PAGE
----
Rooting Plant Cuttings





Introduction: Rooting Plant Cuttings

Now that it's spring, it's time to propagate plants. A cheap and fun way to expand your garden!

Step 1: Block Holes in Bottom of Pot.

Anything will do: small pebbles, styrofoam, or, as I use here, a bent can lid.

Step 2: Add Potting Medium.

The potting medium should drain well. It can be any mixture of potting soil, sand, and perlite. Here I just use straight perlite.

Step 3: Put a Large Drop of Rooting Hormone on a Clean Surface.

I use the bottom of the tin can just because it's easy to dispose of.

Step 4: Cut New Growth From Parent Plant.

These directions are for vines (these images are specifically of a passionflower vine growing near my house), but will work with slight variations for succulents and woody plants.

Step 5: Cut a Segment From Your Cutting.

The prime stock is the section near the tip of the vine. Cut just below the second to last mature leaf node.

Step 6: Remove Bottom Leaf and Any Tendrils.

The roots often sprout from the leaf node once submerged in the potting medium. The leaf and tendrils can be discarded.

Step 7: Dip Cutting in Rooting Hormone.

Make sure to coat the sides of the cutting a few centimeters from the bottom as well as the leaf node.

Step 8: Place Cutting 1/2 Inch Deep in Potting Medium.

Make sure the leaf node is buried.

Step 9: For Further Cuttings, Make Sure to Take a Complete Segment.

That is, use a segment between two leaf nodes. Remove the bottom leaf and treat the bottom and leaf node the same as your first cutting. Dip in rooting hormone and plant in the potting medium.

Step 10: Place the Pot in a Saucer Full of Water.

The potting medium will suck up the water and moisten the cuttings without washing away the rooting hormone. When the top of the potting medium is moist (or the water level has stayed the same for a while), empty out the water. If the pot sits in water, the soil will be too wet and the cuttings will rot.

Step 11: Cover the Cuttings With a Plastic Bag.

This will keep the cuttings from drying out. You don't want them to be too moist, though, so remove the bag for 15 minutes every day. If you can't, poke some holes in the bag so that air can circulate.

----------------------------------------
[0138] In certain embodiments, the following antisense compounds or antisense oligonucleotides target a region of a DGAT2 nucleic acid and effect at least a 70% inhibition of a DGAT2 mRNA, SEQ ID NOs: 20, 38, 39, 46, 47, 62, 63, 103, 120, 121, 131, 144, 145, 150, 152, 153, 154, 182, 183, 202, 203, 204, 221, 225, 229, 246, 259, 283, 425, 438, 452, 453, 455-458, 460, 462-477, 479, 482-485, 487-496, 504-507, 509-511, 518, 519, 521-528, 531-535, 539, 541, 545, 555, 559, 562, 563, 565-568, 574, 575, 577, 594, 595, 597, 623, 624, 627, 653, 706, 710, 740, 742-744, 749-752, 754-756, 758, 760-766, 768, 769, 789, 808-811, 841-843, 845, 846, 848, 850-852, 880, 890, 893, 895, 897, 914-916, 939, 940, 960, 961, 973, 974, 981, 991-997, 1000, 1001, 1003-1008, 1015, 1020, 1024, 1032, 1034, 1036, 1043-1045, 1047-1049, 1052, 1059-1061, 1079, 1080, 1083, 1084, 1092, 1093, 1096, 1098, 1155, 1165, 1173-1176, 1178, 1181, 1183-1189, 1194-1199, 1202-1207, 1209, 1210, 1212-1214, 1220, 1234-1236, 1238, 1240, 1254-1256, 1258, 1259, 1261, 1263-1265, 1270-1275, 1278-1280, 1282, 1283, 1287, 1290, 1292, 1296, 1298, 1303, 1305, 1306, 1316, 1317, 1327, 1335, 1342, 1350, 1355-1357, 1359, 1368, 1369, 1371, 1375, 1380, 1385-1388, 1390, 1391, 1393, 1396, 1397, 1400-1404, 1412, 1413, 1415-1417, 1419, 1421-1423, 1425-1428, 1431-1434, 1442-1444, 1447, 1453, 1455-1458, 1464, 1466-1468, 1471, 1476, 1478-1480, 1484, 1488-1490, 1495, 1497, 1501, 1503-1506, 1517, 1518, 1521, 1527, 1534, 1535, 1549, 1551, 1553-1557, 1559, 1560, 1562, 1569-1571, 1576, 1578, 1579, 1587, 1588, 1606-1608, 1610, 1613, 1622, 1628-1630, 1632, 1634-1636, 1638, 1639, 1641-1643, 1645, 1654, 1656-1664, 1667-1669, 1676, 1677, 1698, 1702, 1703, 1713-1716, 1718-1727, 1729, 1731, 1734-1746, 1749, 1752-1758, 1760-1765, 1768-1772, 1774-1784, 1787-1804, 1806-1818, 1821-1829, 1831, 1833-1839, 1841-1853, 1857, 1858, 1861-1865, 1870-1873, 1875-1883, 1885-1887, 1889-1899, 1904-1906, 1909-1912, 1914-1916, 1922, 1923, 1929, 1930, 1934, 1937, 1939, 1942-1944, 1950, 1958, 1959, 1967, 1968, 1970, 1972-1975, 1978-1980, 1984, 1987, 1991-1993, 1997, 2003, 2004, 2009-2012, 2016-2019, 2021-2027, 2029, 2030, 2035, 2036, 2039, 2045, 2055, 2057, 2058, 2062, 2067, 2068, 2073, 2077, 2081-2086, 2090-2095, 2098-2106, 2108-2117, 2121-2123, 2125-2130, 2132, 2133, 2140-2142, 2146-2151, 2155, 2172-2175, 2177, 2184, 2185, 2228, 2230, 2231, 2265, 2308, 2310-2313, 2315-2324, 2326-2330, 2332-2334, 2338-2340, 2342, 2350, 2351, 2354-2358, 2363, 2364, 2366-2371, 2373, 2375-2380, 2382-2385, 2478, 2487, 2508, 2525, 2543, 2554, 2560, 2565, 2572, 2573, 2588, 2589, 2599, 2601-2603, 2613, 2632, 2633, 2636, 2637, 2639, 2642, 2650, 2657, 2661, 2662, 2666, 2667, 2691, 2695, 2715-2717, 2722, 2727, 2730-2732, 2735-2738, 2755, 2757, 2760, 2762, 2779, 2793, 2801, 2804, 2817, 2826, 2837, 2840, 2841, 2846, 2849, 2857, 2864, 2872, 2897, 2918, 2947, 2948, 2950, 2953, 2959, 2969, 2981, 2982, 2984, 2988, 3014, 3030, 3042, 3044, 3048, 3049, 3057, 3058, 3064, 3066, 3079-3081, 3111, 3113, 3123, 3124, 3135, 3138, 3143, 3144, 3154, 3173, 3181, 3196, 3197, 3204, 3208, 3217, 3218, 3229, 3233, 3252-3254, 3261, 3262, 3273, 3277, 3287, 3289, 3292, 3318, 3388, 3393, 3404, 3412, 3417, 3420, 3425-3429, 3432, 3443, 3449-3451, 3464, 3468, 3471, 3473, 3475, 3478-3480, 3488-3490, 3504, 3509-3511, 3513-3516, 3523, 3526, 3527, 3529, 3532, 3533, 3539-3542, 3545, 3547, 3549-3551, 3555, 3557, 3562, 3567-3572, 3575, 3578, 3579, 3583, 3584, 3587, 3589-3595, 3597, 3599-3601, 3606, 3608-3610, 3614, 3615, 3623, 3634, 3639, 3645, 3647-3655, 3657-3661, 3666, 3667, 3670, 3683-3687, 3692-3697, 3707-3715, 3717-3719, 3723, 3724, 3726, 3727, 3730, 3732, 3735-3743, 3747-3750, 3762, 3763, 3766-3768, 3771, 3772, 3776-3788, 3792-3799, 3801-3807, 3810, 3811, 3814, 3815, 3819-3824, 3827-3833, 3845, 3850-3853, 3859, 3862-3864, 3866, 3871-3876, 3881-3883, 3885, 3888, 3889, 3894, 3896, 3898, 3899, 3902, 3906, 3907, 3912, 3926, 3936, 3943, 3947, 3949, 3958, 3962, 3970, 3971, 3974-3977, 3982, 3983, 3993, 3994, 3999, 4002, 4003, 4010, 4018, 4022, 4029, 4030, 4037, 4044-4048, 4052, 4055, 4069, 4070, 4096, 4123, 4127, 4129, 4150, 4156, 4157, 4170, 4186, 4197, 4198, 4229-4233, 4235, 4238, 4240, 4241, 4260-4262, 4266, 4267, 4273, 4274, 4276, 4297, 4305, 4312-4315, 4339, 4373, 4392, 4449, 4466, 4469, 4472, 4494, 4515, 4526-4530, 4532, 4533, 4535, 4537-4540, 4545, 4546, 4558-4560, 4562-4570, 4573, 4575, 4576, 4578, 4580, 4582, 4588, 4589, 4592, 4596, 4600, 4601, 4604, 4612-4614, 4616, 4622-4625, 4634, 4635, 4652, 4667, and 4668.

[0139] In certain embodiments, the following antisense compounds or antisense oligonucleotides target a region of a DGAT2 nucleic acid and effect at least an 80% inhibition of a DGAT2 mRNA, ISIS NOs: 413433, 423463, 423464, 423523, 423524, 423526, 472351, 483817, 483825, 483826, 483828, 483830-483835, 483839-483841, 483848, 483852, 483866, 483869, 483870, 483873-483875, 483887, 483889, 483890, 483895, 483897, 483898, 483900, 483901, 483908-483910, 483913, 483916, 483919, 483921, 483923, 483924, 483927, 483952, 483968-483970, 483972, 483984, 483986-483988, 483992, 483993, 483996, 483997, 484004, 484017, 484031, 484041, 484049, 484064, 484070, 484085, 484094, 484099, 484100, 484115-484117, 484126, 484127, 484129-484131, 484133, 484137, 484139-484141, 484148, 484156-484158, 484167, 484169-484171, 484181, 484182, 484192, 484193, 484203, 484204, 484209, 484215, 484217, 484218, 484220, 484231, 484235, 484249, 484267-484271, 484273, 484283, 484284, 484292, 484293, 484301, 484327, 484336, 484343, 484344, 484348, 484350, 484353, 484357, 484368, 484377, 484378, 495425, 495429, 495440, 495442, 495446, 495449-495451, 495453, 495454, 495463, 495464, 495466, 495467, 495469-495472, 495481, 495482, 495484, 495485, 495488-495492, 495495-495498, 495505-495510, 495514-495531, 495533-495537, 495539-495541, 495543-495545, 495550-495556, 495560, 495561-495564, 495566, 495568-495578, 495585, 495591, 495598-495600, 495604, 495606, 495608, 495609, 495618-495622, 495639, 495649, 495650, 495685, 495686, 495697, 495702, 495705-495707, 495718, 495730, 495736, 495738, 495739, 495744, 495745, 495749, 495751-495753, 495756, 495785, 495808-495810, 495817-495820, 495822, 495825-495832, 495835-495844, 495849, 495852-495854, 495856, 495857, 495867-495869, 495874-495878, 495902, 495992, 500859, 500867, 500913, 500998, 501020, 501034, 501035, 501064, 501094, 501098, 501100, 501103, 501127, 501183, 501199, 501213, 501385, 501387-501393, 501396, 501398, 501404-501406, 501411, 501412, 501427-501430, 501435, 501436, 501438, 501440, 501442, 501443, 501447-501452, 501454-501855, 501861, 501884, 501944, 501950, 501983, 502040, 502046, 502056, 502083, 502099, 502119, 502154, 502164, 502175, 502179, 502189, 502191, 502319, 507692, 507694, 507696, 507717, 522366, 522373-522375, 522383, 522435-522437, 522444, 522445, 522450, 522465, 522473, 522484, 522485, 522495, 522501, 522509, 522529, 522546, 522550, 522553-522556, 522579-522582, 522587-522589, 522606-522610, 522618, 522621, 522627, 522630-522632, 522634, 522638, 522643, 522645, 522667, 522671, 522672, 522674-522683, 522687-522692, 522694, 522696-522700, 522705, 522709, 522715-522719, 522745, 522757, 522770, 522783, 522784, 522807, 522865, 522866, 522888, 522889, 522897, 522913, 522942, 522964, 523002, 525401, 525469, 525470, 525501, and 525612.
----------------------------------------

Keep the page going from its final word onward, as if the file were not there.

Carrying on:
Step 12: Wait.

It may take a week or two for the cuttings to root. If the plant stays green and fresh-looking, everything is ok. When there is some resistance when you tug on the cutting, that means the roots have formed and the cutting can be planted in regular soil. Congratulations!



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    Do you think this will work with: azaleas, camellias, peonies? I want to get cuttings from my mom's beautiful yard before we sell her house.

    Thanks for this useful info.

    hydroponics worked great and you don't have to do any thing to make it work.

    i use 5 gallon buckets with a aquarium pump of 160 gallons a hour with a aquarium air bubblier with hydro nutrients.

    blue stone filled 2 gallon drain pot.

    i have taken 30 lilac branch cuttings already this month from the large lilac tree.

    do a 45 degree cut on the branches.

    slip them down into the blue stone hydro system.

    thats all you need to do,your done.

    leave the branches in the hydro tank under florescent lights for one month or until roots develop.

    this is the simplest way imaginable to create new lilac bushes.

    and you don't have to place a moister bag over the branches.

    this method works with soft wood trees and rose bushes.

    Do you already have an instructable written for this? I'd like to see it. Thanks!

    Nice instructable! thanks for sharing : )

    excellent write up. I'm not sure about this vine, but most vines will grow roots just by placing the cutting a bowl of tap water for a week or two.

    You are right. Most vines will root in water. You can also root some vines by just burying one of the nodes on one of the vines. Don't cut it, just strip off a couple of leaves from one node and bury that portion. The intact vine will continue to feed it while it's rooting. After a few weeks you can cut the original vine free again and the rooting will be growing on it's own.

    so similar to strawberrys.... they tend to trail off from the plant.. iv had one in a small pot for about 5 years now, that keeps coming back every year.

    good idea now since i needed help in my science fair project for my school well yeah